“That is quite a narrow basis on which to make quite big decisions.”

Sir Chris later added: “I don’t see evidence that this is the system not working as it should at this point because it is not clear to me an alternative path would have led to a better outcome on January 16.”

The inquiry has taken a break for lunch

13:21 , Jordan King

Sir Chris will continue giving evidence at 2pm so stay with us.

Boris Johnson's decision making process was 'unique to him', says Whitty

12:54 , Daniel Keane

Sir Chris is asked for his opinion on Boris Johnson and his ability to make decisions, following criticism of the former Prime Minister.

He replies: "I think the way Mr Johnson took decisions was unique to him. He has a distinct style, but lots of people have styles. I don't want to make comments on individual politicians."

Sir Chris declines to comment on Mr Johnson's personality, insisting it would not be appropriate for a civil servant to do so.

Asked whether there was "oscillation and chaos" in Government, he says: "It's a matter of record that many other nations had similar problems with that, expressed in different ways."

Political commentators 'cherry picked' science, says Whitty

12:44 , Daniel Keane

Sir Chris is asked whether he felt Government ministers and commentators had "cherry picked" science to suit a political agenda.

He replies: "Were there meetings where I thought that it was convenient to one or two people that I and Sir Patrick and weren't there ? Yes. The ministers could have insisted we were there and they didn't always. Neither would I have felt it appropriate to insist there was an economic adviser there."

Pressed on whether he felt ministers had manipulated his advice, he says: "That didn't apply to any decision makers in Government, including the PM or the Chancellor. But there were some people who chose the science they wanted to hear.

"There were political commentators whose view of science started with 'what is my political position' and then derived from that. In terms of the decision makers in the Cabinet, my view is they were not intending to cherry pick."

Whitty criticises use of phrase 'following the science' by ministers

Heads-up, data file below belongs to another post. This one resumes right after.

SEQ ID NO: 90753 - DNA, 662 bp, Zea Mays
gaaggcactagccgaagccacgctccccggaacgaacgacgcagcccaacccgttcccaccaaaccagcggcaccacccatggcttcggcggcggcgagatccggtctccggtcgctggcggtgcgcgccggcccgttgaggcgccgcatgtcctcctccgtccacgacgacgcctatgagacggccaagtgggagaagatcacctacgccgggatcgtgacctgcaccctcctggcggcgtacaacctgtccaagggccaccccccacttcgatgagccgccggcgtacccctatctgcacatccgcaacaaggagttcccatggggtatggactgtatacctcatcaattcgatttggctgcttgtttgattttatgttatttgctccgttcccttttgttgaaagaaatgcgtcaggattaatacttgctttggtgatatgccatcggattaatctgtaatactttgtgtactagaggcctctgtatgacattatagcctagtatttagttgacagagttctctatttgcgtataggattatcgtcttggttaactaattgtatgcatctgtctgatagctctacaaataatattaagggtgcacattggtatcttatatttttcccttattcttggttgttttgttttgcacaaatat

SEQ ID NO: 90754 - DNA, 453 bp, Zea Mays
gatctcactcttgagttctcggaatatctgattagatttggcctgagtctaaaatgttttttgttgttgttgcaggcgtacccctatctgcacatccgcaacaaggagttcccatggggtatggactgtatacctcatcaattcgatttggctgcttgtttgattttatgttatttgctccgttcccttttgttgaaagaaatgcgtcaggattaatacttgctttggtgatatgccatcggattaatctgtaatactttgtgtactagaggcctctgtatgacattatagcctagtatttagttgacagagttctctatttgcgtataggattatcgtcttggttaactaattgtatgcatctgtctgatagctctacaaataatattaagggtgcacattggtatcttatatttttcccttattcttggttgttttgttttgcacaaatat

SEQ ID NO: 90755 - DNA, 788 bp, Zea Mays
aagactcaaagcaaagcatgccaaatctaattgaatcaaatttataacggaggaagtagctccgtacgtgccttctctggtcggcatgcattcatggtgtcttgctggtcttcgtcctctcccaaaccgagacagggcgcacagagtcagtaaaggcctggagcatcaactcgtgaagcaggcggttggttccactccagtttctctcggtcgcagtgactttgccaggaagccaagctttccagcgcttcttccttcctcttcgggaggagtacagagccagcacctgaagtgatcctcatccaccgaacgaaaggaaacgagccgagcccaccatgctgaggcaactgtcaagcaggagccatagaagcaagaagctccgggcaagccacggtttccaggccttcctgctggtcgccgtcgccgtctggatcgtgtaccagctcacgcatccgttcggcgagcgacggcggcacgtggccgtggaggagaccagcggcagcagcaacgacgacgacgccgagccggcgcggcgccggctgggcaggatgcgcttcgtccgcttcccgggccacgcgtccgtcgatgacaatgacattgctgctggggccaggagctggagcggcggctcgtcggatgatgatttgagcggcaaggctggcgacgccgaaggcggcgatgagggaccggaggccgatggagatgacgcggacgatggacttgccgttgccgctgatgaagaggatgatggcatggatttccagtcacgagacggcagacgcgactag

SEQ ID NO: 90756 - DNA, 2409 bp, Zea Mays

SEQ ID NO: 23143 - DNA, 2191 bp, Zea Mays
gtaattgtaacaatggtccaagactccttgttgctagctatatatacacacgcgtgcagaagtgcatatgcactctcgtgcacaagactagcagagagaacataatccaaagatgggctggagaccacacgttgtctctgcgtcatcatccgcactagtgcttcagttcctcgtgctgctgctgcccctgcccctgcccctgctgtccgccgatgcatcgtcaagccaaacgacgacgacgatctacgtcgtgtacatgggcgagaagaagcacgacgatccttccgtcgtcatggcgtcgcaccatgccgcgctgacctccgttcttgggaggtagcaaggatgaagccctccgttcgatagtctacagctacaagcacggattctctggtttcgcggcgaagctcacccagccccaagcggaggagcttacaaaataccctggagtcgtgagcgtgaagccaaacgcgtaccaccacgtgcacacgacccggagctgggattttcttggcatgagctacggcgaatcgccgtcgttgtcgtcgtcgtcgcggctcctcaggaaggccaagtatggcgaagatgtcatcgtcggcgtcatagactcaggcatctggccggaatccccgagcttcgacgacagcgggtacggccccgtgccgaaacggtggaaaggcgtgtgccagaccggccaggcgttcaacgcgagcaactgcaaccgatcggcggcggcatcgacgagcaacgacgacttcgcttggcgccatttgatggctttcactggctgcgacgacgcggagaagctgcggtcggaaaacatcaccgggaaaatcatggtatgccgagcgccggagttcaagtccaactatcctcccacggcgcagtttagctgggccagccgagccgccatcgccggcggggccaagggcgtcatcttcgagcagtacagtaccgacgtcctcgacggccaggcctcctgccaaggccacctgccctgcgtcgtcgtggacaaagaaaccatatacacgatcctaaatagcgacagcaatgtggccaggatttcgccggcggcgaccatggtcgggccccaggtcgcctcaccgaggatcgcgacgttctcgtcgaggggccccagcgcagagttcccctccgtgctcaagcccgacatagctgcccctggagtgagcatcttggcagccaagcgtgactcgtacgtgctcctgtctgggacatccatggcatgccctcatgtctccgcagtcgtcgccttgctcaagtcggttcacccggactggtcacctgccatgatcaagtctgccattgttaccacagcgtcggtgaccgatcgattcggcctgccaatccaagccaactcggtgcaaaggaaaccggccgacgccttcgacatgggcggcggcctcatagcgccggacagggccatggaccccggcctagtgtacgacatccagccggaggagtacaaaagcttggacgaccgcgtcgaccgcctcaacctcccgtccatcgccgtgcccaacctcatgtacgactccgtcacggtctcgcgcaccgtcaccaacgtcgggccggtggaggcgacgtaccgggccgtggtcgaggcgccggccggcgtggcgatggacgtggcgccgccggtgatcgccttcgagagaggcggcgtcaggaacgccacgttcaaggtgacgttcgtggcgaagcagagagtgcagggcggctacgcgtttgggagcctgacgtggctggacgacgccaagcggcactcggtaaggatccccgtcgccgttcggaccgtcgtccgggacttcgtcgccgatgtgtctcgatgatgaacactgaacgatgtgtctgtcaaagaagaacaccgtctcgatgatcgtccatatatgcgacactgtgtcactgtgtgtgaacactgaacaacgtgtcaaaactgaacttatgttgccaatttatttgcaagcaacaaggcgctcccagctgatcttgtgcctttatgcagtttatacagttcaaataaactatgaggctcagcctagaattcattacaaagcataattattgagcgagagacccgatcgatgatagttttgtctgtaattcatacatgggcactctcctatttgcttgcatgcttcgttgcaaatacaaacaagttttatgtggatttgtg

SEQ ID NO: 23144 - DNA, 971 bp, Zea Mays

12:39 , Daniel Keane

Hugo Keith KC asks whether the phrase "following the science", frequently used by ministers in defence of their Covid policies, was helpful.

Sir Chris replies: "Initially, Sir Patrick and I thought it was good that the Government was recognising the importance of the science, but very soon we realised it was a millstone around our necks and didn't help ministers either. It blurred the distinction between technical advice and decision making."

He adds that the Government had "no good options" for how to tackle Covid.

"All of them were very bad and some were worse. The second point was that this was going to go on for a long time. Whatever decision you made, you had to be prepared to see it through for months and years. This took a while for people in Government to internalise."

Whitty defends use of Covid modelling

12:21 , Daniel Keane

Hugo Keith KC asks whether the UK was "overreliant" on future modelling of deaths and case numbers in early 2020.

Sir Chris said that models "were not meant to be a prediction of the future" but were often interpreted that way by the public.

He said that modellers were initially working with "very sparse data" that had to be "integrated from lots of different areas".

"The point about these models was they helped to explore and test some policy options - they were not predictions of the future, and I think this was where some of the problems arose."

PM 'continues to work extremely closely' with Chris Whitty, says No10

12:08 , Daniel Keane

Some reaction just in from No10 to Sir Chris' evidence.

A spokesperson for Rishi Sunak said that the PM "continues to work extremely closely" with the CMO after his evidence on Tuesday morning.

“The Government set up this inquiry to listen to all facts and hear all the evidence from all sides and then come to a judgement.

“That’s what we will do and you will hear from the Prime Minister at the time of inquiry’s choosing.

“And I’m sure that public understands the importance of hearing all the evidence and all the facts – and indeed the inquiry’s conclusion – before making their mind up.

“I’m not going to get drawn into different bits of evidence in a piecemeal fashion.

“The Prime Minister continues to work extremely closely with the chief medical officer, not least on the new laws around smoking, which is a massive public health intervention.”

Cummings' attendance at SAGE meetings caused 'quite a row', says Whitty

12:02 , Daniel Keane

Sir Chris is asked about claims by Dominic Cummings that minutes from SAGE meetings did not accurately reflect certain views, which eventually led to Cabinet ministers attending SAGE meetings.